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The US vs. Spain: The Cost of a College Education

by Carolina Portillo

Today, everybody can go to university. More and more young minds want to experience the famous university life and some just want to study. Even the older generations want to keep learning. There are no limits when you want to earn knowledge.

Gender does not matter, neither does age, color or religion.

Or at least that is what we have always been told, but what is the truth? Are there really no limits? One important issue, if not the most, is the cost. We have so many options to pick from but how many of them can we afford? Public or private? Does it have good reviews? Do they offer my desired degree there? Can I commute or do I have to pay for a dorm?

With all things considered, the bottom line is this: no matter where you go, college is going to be expensive in the United States.

Another factor when it comes to the price is the location. Costs vary all over the world. For example, in Nordic countries, like Finland, Sweden and Norway, you have the opportunity to study for free or at a low cost. This idea is mindblowing for Americans, where you must pay for tuition and fees and still spend a large amount of money in taxes.

The average annual public tuition fee for universities in the U.S. is around $8,000. The American tax rate depends on your income. The brackets for this range from a minimum of 10 percent to a maximum of 40 percent of your income.

Spain, where I was born and raised, offers many options when it comes to choosing a university. The average annual public tuition fee is about $2,000. Private universities, on the other hand, are a lot more expensive.

In my case, I study at a private university in Madrid where I spend around $9,000 a year for an undergraduate degree. This makes Antonio de Nebrija, my university, one of the most expensive universities in Spain.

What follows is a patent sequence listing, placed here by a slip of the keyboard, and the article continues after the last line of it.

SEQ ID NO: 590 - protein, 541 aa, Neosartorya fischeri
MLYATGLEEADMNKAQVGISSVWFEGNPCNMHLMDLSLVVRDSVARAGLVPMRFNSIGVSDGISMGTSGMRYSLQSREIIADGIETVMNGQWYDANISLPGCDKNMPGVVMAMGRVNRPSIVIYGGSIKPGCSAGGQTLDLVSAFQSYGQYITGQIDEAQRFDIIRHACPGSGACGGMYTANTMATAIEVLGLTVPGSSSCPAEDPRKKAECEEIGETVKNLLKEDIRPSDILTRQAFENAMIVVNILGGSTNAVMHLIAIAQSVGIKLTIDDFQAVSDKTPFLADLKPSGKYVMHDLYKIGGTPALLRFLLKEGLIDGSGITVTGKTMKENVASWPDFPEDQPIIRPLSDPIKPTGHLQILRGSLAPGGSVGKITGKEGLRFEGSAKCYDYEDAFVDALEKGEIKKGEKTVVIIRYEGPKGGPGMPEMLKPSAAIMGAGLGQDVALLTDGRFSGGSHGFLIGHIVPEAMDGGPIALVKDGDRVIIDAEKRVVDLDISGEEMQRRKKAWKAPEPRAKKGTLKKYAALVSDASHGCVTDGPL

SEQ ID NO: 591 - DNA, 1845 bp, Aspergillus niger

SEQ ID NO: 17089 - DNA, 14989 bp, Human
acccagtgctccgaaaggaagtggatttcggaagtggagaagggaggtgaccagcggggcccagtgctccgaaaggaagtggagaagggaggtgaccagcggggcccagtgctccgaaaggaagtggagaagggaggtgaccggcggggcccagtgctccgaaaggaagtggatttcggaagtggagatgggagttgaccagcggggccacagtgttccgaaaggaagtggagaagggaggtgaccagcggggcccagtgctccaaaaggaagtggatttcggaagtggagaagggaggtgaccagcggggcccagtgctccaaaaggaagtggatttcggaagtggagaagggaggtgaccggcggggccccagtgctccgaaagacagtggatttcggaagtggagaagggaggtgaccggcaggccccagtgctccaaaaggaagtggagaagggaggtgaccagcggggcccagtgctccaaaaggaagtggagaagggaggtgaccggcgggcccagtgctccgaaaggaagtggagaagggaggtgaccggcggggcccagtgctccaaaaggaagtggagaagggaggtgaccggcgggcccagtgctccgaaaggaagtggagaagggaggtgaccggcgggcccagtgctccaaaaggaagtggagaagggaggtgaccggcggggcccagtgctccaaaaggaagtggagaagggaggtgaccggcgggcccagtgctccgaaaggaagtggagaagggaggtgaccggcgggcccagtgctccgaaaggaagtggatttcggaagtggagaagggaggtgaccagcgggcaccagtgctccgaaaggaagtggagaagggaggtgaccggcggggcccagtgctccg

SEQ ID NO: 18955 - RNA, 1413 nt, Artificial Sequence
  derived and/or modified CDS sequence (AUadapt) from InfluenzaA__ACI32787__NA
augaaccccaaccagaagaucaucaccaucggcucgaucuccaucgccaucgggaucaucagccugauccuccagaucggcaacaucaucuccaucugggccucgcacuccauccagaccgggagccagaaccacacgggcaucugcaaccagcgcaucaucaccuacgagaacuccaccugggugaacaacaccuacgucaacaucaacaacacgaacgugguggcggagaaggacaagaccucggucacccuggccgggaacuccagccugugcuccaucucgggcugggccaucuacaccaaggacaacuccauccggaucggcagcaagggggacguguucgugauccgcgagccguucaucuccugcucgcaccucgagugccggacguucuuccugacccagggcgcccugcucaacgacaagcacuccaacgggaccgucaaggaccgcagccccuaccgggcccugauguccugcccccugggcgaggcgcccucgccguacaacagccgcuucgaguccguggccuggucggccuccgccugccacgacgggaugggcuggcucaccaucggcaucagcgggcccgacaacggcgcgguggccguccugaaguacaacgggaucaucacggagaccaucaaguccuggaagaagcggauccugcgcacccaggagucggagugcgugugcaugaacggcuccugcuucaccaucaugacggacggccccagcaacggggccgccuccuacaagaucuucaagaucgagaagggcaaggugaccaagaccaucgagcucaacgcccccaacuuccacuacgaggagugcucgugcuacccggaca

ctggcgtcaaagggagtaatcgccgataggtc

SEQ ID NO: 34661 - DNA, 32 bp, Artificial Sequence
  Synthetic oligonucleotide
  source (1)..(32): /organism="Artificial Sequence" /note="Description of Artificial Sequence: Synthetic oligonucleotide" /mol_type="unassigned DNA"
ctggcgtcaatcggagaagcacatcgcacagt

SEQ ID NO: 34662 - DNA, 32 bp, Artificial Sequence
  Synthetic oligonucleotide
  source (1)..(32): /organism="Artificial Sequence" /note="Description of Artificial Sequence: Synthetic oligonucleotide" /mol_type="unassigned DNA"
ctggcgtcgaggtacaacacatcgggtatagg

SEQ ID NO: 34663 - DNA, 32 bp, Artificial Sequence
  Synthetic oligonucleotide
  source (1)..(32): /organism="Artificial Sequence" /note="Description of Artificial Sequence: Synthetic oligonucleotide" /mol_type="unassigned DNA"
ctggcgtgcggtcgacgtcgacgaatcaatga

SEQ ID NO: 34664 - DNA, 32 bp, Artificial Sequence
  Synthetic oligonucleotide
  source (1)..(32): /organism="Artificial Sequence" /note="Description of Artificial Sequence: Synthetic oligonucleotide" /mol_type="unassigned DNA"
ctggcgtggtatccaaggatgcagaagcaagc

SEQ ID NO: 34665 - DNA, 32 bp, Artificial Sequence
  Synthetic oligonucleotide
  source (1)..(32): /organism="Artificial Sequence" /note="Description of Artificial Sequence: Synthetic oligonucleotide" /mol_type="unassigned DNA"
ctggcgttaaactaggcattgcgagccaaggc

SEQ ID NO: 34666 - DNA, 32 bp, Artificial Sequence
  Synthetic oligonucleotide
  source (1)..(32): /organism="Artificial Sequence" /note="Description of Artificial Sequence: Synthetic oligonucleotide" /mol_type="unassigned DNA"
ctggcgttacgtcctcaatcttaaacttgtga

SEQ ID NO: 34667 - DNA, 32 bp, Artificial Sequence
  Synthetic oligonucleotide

Last month, GQ Magazine wrote about Spain’s universities and compared the cost of studying medicine in one of the most well-known universities in Madrid to Harvard University.

According to the article, “The cost to study the first year of medicine in a private university in Madrid is around $14,000, and at Harvard the same course costs around $120,000.”

You might be wondering what this includes and where all of the money is going.

The main point is that you spend money on everything the campus includes. At Montclair State University, you have several cafeterias and restaurant options. You can work out after class and go to the health center when you are sick.

In Spain, the idea of a “campus” is different. If you are lucky, you may get a cafeteria, but my university does not have one. You go to class for a few hours, you spend some more time in the library studying or doing research, and you go back home to your parents and friends.

The idea of paying for a residence is only for international students or people that live on the other side of the country, not for everyone.

With all of these extra additions that U.S. universities have, it makes sense that international universities cost much less. Though you might be getting the same degree, U.S. universities offer more than just an education, which results in a higher tuition rate.

So, why America? I guess you will have to live it to know.

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